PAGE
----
Today fruitcake has become the butt of many jokes, and idolized as the one most dreaded gift. What made fruitcake a succes in the past have become it's downfall in the presant; it's longevity, sweetness, and nutritional/physical density.

Looking at the poll results there is far less detest for fruitcake than expected. Only 25% polled claimed to flat out not like fruitcake. While I'm not a huge fan of fruitcake it does convey some feeling of celebration and I would surely enjoy a slice during the holidays. If by chance you have some fruitcake this season enjoy it and savor in it's long history.

Thursday, December 24, 2009

The Great Chistmas Potato Gratin

It has become somewhat of tradition at the Walsh family Christmas that I make some sort of cheesy potato dish. Layering a gratin can be as simple as mixing everything up and smashing it into a pan and baking it or you can take the time, and put the effort into making uniform layers with evenly distributed ingredients. This year I decided to put in that effort. Whether you decide to take the easy route or not, here is a list of ingredients that makes enough to fill a 10 inch square baking dish, and roughly 6-10 people.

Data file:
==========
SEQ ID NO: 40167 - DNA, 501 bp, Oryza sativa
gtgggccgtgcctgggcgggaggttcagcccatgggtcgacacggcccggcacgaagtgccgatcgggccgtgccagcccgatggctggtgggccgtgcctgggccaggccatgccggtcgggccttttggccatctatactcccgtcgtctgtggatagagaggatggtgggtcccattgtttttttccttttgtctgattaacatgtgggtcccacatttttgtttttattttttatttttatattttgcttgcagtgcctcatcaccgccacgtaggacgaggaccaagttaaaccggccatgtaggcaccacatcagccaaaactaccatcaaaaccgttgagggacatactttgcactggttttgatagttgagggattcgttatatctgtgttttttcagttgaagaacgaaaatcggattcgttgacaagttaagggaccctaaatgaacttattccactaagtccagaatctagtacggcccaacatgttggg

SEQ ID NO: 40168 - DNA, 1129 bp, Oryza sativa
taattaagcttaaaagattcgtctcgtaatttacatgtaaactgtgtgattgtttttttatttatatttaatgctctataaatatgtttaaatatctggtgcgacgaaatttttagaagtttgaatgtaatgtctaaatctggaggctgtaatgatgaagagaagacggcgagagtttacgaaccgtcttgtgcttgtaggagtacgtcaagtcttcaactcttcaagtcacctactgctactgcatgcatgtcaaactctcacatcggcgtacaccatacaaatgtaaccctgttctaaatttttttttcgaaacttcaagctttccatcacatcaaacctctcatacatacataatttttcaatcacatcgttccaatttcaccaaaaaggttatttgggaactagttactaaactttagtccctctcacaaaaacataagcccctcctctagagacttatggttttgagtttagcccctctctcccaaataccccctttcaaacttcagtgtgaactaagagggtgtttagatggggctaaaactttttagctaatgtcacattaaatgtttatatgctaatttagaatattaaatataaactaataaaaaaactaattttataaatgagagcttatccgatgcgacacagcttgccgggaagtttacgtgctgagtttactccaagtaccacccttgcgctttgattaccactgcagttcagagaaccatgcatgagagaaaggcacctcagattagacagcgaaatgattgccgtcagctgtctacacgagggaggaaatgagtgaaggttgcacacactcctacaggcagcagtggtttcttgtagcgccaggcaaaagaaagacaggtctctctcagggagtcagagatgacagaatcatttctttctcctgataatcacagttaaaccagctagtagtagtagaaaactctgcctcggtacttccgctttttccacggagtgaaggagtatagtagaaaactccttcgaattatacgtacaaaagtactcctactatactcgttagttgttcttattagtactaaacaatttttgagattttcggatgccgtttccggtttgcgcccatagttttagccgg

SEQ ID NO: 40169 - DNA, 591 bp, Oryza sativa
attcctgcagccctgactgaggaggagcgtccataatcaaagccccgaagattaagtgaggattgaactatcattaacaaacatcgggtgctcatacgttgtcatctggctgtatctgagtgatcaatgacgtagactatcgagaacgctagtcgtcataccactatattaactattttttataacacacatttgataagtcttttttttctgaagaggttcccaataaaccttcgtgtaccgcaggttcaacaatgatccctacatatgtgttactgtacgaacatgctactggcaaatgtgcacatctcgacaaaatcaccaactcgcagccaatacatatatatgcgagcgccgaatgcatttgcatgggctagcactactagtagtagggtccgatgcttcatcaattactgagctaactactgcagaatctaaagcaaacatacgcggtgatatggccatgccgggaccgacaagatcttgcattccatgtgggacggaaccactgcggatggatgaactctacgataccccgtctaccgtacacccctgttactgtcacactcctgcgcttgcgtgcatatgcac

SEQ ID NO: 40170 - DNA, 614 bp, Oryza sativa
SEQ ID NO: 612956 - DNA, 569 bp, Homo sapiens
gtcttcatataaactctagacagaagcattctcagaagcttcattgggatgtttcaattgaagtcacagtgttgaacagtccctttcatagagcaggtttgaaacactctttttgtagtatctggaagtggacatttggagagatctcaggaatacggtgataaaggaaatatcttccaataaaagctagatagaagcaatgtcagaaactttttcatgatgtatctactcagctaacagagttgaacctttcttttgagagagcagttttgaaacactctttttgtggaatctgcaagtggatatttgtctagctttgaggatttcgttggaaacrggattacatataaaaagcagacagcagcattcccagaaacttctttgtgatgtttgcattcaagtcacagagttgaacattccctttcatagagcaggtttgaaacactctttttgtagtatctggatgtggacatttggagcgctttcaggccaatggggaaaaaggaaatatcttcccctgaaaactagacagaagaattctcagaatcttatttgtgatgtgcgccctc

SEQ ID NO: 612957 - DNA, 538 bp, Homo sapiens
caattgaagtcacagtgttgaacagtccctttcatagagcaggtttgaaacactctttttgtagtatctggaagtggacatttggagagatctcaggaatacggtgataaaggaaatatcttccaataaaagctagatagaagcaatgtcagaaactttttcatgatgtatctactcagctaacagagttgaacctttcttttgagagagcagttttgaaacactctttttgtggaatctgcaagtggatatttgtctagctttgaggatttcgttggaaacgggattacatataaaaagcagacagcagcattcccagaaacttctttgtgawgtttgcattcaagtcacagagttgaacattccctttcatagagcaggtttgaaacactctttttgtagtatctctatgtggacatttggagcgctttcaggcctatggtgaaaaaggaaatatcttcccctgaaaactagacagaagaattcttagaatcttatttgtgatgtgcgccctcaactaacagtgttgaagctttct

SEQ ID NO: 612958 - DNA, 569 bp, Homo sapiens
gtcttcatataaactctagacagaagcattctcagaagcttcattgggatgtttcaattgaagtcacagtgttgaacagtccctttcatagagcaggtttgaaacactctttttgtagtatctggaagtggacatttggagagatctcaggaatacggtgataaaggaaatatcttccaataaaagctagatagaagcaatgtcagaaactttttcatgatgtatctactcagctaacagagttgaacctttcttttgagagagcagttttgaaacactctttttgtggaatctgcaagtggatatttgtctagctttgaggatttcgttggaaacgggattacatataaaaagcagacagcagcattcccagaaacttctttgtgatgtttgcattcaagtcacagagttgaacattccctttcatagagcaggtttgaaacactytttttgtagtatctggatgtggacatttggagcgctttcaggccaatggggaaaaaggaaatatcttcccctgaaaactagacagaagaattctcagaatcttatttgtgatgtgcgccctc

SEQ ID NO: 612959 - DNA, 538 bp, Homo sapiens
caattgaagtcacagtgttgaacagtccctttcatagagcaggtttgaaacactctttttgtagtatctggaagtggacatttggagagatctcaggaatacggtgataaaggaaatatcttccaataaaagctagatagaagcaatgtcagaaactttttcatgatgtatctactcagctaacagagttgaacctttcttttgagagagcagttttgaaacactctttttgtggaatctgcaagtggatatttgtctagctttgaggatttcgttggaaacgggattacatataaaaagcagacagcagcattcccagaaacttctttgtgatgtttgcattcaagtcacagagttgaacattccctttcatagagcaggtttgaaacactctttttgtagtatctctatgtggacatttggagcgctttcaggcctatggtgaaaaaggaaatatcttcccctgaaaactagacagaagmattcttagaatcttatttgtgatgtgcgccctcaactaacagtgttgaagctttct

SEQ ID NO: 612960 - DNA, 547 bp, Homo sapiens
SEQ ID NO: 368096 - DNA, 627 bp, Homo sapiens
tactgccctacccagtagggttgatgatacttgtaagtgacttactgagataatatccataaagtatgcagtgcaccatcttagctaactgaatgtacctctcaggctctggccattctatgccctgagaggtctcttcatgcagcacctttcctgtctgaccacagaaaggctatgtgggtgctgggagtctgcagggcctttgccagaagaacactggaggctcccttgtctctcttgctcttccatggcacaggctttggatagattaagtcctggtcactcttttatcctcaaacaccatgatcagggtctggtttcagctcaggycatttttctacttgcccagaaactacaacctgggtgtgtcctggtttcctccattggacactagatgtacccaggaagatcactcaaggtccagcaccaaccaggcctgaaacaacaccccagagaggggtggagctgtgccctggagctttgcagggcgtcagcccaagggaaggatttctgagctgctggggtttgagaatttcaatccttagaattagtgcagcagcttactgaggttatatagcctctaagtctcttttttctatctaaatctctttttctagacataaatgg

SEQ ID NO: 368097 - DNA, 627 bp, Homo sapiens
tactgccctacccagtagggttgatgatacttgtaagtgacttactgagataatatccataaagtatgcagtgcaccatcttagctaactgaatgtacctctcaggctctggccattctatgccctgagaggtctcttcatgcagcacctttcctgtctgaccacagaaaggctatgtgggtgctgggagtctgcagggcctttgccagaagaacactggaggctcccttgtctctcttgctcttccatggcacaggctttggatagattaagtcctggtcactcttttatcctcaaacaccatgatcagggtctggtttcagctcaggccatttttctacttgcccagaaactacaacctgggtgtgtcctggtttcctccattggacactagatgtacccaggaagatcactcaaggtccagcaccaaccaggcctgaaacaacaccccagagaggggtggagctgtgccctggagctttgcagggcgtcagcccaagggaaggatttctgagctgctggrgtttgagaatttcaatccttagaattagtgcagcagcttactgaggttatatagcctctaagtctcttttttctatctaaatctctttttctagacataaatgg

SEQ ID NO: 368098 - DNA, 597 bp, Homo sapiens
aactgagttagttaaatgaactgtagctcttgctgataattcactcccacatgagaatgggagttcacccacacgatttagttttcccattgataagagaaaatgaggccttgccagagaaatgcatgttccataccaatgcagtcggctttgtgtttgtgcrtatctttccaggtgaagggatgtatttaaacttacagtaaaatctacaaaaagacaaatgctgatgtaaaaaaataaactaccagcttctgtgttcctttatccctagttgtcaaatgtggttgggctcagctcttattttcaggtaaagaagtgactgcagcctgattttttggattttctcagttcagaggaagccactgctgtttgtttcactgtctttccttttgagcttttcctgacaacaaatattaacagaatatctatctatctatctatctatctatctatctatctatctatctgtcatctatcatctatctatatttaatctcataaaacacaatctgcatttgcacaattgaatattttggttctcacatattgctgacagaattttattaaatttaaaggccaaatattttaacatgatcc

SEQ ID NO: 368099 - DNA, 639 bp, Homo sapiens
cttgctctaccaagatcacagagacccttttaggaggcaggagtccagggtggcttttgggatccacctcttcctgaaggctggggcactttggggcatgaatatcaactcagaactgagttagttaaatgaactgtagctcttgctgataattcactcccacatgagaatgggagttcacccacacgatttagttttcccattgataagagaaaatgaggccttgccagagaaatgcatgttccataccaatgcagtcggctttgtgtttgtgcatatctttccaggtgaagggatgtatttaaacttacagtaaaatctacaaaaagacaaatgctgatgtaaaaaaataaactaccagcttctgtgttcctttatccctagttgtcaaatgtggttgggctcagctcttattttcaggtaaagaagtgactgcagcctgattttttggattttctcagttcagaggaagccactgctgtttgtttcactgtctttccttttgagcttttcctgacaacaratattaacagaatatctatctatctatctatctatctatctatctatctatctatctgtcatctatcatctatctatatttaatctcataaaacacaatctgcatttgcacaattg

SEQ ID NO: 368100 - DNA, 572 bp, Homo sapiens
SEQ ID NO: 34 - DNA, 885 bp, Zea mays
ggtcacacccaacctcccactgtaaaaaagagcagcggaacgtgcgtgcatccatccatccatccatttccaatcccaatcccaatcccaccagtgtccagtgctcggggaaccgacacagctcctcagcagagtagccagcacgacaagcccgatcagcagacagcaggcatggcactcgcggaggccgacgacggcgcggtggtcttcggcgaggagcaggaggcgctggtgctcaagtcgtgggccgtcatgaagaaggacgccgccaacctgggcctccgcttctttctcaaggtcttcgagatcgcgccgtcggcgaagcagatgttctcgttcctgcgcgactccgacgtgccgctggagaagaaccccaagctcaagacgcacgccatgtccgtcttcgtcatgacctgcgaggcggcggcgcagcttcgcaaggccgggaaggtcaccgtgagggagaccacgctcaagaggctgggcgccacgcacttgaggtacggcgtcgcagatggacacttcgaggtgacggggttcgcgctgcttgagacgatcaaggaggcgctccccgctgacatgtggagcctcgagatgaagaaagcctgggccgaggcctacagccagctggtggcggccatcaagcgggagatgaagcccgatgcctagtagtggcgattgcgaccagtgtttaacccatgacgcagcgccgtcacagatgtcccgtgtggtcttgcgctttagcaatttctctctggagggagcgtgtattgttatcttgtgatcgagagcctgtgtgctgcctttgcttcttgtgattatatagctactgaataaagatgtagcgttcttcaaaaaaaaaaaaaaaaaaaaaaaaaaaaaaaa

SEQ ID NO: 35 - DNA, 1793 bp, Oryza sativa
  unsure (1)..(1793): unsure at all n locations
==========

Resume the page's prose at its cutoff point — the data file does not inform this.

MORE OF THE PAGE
Cheesy Potato Gratin

5-6 pounds large Idaho potatoes, cleaned and sliced 1/4 inch thick on a mandolin
1 onion sliced as thin as possible
8 oz cheddar
6 oz fontina
4 oz parmesan
1 pint heavy cream
5 egg yolks
1 heaping tablespoon roasted garlic
salt and pepper

Shred the cheeses and mix them together. Mix the cream, eggs, and roasted garlic together. Assemble the grain by nicely alternating layers of potato and cheese. Every third layer add some of the cream mix, but make sure you save some cream for the top and final layer. Don't forget to salt and pepper each layer.

Bake, covered at 400 degrees for about an hour and a half. Pressing the gratin at this point is optional. If you press it this makes unmolding it and cutting it into serving very easy. If you are serving it in the dish there is no reason to press it. To re-heat microwave until warm then bake for 5-10 minutes to form a crusty top.